Rae and Wally Crosno were married for 32 years, sharing dozens of good times with family and friends, memorable trips around the country and a deep-rooted passion for sports.
Rae is a Green Bay Packers fan and Wally’s team was the Pittsburgh Steelers.
“He and I loved watching football together, both of us laughing at each other when we yelled at the officials, usually more so when the Steelers played my Packers,” Rae said. “I’d have to say he was born with his love for sports.”
Wally, 66, died June 7 — five days after being tested and confirmed for COVID-19 — at Hardin Memorial Hospital in Elizabethtown.
Three days later, as she grieved for her husband, Rae also was admitted to the hospital after testing positive for the virus. She said she had a fever and a cough, among other symptoms.
“I had just enough to make me feel lousy,” she said. Rae said her overnight oxygen levels were low so she was admitted to HMH and released June 14.
Known for his to-the-point nature, Wally complained of a fever and being short of air prior to being admitted to the hospital. By June 3, his family said, his breathing had become so challenging his pulmonary doctor advised to have him directly admitted to HMH.
Wally, who retired in 2018 from Metalsa and had spent 32 years as a truck driver, became the third of seven Hardin County residents as of Friday to die from COVID-19 complications.
How he contracted the virus, the family is unsure.
“Does anyone really know how they contract it?” Rae said.
“He’d been in the hospital two weeks before for a week with his COPD so he could have contracted it there or from me,” she said. “I would still go out to pickup groceries, pickup dinner, and run small errands. Who knows who I came in contact with, who may have had it and I brought it home.”
His family said he had faced difficult health issues prior to his death.
He was in “very end stage COPD/emphysema,” said one of his two sons, Isaac. He also recently had found out he was in congestive heart failure along with his kidneys starting to get worse.
“He also wasn’t able to be very active due to a surgery on his lower back that caused nerve damage in his right leg and foot which was beginning to go into his left foot,” he said.
Rae and Wally made Radcliff their home when they moved from St. Louis several years ago during BRAC. Rae is a retired U.S. Army Department of Defense employee.
Wally’s family said spending time with his family meant everything to him.
“Family time to him was being around both sides of our family whether it was two or three or 22,” Isaac said. “He enjoyed debating with some; playing games with others; laughing with all of them. We loved going on road trips, driving not flying. There was too much to see, and while you could see a lot in the air, you couldn’t stop at a place like you could when driving.”
Isaac said the family had traveled “across the United States except for the upper eastern states.”
“Wally was open, honest and a very direct man and some people didn’t know how to take his personality,” Rae said. “You ask him a question, he’d let you know his feelings.”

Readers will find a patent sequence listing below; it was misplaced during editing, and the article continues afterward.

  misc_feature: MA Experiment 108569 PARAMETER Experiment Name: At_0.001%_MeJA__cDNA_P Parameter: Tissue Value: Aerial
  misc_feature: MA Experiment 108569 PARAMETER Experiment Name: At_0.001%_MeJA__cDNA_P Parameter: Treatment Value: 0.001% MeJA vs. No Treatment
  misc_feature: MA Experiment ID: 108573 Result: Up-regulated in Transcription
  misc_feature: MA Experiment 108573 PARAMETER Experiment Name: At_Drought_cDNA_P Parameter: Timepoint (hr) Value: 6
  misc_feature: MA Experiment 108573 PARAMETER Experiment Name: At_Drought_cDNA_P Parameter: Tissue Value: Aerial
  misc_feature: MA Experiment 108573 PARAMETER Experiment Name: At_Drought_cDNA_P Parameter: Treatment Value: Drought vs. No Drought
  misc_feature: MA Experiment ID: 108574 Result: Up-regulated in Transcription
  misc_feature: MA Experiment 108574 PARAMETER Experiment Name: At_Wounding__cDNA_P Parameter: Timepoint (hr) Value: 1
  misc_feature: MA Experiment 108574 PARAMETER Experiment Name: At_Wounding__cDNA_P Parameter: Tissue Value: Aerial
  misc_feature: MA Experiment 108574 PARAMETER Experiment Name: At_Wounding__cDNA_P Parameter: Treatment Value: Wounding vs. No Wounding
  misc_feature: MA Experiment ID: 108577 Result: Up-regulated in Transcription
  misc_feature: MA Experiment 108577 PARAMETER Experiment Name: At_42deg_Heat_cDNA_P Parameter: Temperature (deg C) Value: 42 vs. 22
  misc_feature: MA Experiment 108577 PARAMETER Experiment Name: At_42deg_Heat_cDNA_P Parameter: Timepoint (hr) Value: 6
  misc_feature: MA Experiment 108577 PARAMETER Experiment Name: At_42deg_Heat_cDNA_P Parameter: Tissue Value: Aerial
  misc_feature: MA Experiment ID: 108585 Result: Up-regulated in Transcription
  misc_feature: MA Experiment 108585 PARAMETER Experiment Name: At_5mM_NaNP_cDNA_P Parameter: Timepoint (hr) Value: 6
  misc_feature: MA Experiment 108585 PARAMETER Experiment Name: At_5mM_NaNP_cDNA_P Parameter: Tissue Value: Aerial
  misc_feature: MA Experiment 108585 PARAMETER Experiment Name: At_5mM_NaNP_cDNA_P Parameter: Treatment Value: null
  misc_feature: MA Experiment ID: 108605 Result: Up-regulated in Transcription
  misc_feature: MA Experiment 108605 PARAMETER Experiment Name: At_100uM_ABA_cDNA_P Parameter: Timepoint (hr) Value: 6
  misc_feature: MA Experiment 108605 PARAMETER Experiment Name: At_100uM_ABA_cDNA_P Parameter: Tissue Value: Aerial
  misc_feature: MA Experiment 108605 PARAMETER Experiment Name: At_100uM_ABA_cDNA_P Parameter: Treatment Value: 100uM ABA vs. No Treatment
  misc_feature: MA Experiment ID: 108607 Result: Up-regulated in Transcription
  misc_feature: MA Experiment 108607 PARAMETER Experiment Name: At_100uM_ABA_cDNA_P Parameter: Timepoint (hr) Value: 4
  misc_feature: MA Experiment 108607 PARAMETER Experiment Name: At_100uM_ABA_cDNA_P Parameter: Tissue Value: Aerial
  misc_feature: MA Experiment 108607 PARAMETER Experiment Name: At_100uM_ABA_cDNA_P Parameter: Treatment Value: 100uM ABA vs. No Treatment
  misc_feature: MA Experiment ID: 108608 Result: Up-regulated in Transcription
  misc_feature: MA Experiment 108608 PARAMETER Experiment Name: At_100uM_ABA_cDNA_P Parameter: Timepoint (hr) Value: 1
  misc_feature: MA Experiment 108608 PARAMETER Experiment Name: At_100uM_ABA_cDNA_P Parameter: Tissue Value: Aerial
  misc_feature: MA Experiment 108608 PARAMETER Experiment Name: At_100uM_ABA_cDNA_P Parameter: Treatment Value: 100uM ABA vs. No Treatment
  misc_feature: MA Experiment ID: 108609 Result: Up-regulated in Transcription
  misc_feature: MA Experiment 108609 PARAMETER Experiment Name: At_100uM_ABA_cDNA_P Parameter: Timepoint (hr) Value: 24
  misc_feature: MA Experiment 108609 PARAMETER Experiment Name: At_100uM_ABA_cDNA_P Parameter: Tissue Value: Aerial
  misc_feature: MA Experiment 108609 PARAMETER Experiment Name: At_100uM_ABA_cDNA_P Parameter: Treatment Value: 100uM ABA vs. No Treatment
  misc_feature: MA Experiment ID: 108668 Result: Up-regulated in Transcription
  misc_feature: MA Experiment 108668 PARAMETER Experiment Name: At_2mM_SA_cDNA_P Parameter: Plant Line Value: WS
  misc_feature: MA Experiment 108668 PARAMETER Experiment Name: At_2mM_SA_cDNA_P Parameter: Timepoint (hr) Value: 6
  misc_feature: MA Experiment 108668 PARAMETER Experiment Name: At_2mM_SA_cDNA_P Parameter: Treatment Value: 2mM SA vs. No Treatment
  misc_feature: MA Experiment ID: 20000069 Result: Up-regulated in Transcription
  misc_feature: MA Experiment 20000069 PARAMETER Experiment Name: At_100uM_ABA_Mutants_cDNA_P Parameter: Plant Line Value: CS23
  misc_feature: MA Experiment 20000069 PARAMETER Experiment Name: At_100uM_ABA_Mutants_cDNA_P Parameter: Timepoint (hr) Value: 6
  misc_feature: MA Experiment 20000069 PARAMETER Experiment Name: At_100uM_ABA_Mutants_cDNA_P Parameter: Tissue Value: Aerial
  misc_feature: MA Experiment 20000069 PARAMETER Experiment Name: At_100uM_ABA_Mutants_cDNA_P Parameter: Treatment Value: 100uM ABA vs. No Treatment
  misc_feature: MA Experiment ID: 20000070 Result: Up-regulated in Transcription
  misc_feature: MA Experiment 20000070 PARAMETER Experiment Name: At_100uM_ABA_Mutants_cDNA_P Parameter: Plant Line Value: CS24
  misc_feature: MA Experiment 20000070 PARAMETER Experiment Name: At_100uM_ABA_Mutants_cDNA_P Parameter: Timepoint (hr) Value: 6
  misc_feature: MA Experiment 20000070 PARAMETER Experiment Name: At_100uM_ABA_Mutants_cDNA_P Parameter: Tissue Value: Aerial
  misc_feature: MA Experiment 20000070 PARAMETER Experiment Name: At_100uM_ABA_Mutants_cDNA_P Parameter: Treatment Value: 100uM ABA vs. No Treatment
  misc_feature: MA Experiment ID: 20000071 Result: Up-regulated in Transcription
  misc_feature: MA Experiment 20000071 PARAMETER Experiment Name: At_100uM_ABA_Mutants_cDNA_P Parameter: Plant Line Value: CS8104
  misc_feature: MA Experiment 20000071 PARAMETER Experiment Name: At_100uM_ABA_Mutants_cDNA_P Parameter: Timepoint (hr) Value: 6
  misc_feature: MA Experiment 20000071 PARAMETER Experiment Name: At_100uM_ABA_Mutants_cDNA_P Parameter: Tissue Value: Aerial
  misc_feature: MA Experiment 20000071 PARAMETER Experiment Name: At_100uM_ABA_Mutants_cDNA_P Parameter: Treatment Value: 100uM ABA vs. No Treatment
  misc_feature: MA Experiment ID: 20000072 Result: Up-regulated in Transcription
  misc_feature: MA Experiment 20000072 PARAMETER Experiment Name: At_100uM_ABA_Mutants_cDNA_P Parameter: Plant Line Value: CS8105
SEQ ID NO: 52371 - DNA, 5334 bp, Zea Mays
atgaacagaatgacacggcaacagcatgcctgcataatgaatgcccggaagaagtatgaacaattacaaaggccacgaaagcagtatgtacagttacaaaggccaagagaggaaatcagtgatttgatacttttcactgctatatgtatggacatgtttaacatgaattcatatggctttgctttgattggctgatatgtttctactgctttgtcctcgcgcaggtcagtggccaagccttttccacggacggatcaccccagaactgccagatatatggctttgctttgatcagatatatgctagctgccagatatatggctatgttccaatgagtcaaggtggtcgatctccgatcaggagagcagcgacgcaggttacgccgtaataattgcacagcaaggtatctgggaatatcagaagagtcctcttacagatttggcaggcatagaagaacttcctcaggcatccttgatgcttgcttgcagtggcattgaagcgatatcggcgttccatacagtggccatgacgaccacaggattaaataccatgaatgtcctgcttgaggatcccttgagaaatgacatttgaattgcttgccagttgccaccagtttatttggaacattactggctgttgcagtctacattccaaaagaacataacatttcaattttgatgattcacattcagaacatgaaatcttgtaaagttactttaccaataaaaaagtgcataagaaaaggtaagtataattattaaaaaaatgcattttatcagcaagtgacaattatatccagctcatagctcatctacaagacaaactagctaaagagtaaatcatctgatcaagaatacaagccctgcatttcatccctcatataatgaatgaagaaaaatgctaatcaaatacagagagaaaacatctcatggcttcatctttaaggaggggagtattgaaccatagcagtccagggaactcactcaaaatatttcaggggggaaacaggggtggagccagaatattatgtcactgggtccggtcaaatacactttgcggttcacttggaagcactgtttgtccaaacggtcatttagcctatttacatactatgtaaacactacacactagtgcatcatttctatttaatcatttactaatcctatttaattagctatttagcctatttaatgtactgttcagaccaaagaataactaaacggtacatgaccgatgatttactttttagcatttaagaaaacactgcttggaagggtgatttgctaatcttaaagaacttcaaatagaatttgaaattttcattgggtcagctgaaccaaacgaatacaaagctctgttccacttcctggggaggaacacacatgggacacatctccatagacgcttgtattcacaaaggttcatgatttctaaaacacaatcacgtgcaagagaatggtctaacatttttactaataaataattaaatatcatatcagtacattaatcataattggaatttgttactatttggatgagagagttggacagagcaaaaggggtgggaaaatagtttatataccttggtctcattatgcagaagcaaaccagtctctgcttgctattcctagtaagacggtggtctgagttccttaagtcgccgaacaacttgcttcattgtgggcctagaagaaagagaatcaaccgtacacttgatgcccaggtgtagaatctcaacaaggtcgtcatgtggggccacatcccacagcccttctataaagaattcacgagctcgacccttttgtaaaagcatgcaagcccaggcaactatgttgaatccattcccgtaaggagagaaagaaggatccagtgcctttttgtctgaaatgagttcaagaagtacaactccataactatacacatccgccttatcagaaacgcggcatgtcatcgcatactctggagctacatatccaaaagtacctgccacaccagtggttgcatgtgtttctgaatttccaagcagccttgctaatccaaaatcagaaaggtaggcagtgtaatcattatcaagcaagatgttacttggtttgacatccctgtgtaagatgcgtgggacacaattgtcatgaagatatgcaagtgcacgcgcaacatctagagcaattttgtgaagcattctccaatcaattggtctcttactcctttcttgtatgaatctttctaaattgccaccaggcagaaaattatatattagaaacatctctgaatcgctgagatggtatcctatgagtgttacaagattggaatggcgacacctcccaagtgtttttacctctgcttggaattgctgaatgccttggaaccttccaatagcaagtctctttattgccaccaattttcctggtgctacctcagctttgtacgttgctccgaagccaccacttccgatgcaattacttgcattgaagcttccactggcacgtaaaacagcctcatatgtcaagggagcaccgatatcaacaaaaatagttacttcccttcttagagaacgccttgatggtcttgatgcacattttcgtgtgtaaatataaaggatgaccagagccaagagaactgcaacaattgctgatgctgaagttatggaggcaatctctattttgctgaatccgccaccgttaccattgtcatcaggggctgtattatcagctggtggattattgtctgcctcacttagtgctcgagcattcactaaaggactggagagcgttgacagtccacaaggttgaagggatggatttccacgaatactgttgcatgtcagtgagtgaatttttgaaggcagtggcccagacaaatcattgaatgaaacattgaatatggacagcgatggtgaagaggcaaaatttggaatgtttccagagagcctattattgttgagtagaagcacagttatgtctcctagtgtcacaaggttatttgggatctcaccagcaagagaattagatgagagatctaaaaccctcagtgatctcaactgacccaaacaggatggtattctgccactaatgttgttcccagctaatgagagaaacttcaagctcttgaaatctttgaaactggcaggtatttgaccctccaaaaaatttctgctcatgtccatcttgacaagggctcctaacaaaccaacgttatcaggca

A grandfather to six, Wally learned the significance of family from his grandmother, Faye, who he spent many summers with.
“She would take him fishing, taught him how to build stuff, how to shoot her shotgun and even some cooking,” Isaac said. “He sat with her while she cooked and they talked. She was a huge influence in his life on what it meant to have family.”
Rae said her husband was a hard-working man who embraced those he loved most.
“He loved his family, blood and those he ‘adopted’ that weren’t blood,” she said. “As much pain as he was in his last two to three years, he went to work every day until he retired, still did work at home, and he never gave up, even at the end of his life. I want people to know that he was kind, generous, stubborn, and loving and everything in between.”
Wally adopted Isaac and he said he learned “how to be a good Dad to my kids from him,” he said.
“As I always say, for me, he was the Dad he didn’t have to be,” Isaac said. “He was, is and will always be my Dad.”
“We hardly ever argued but if we did, we always concluded with both of us being OK and letting each other know that we love each other,” Isaac said. “Even as an adult, I always made sure I told him I loved him. I also made sure that every time I saw him or had to say, ‘see you later’ that we gave each other a hug and I would even give him a kiss on the cheek.”
Because of Rae’s battle with COVID-19, Wally’s funeral services were delayed until early July in Missouri.
On Thursday, one of what will be many “firsts” without Wally happened. It was Rae’s birthday.
“It was OK. I got through it,” she said.
She said she is unsure if she will stay in Radcliff or move to St. Louis or Arizona. She has family in both locations.
Rae said she didn’t want to make any rash decisions for about six months and she then would see what she may want to do.
No matter where she ends up living, some things will never change.
“I want people to know how proud I was to be his wife for 32 years,” she said, “and I know he’s still watching over me every day.”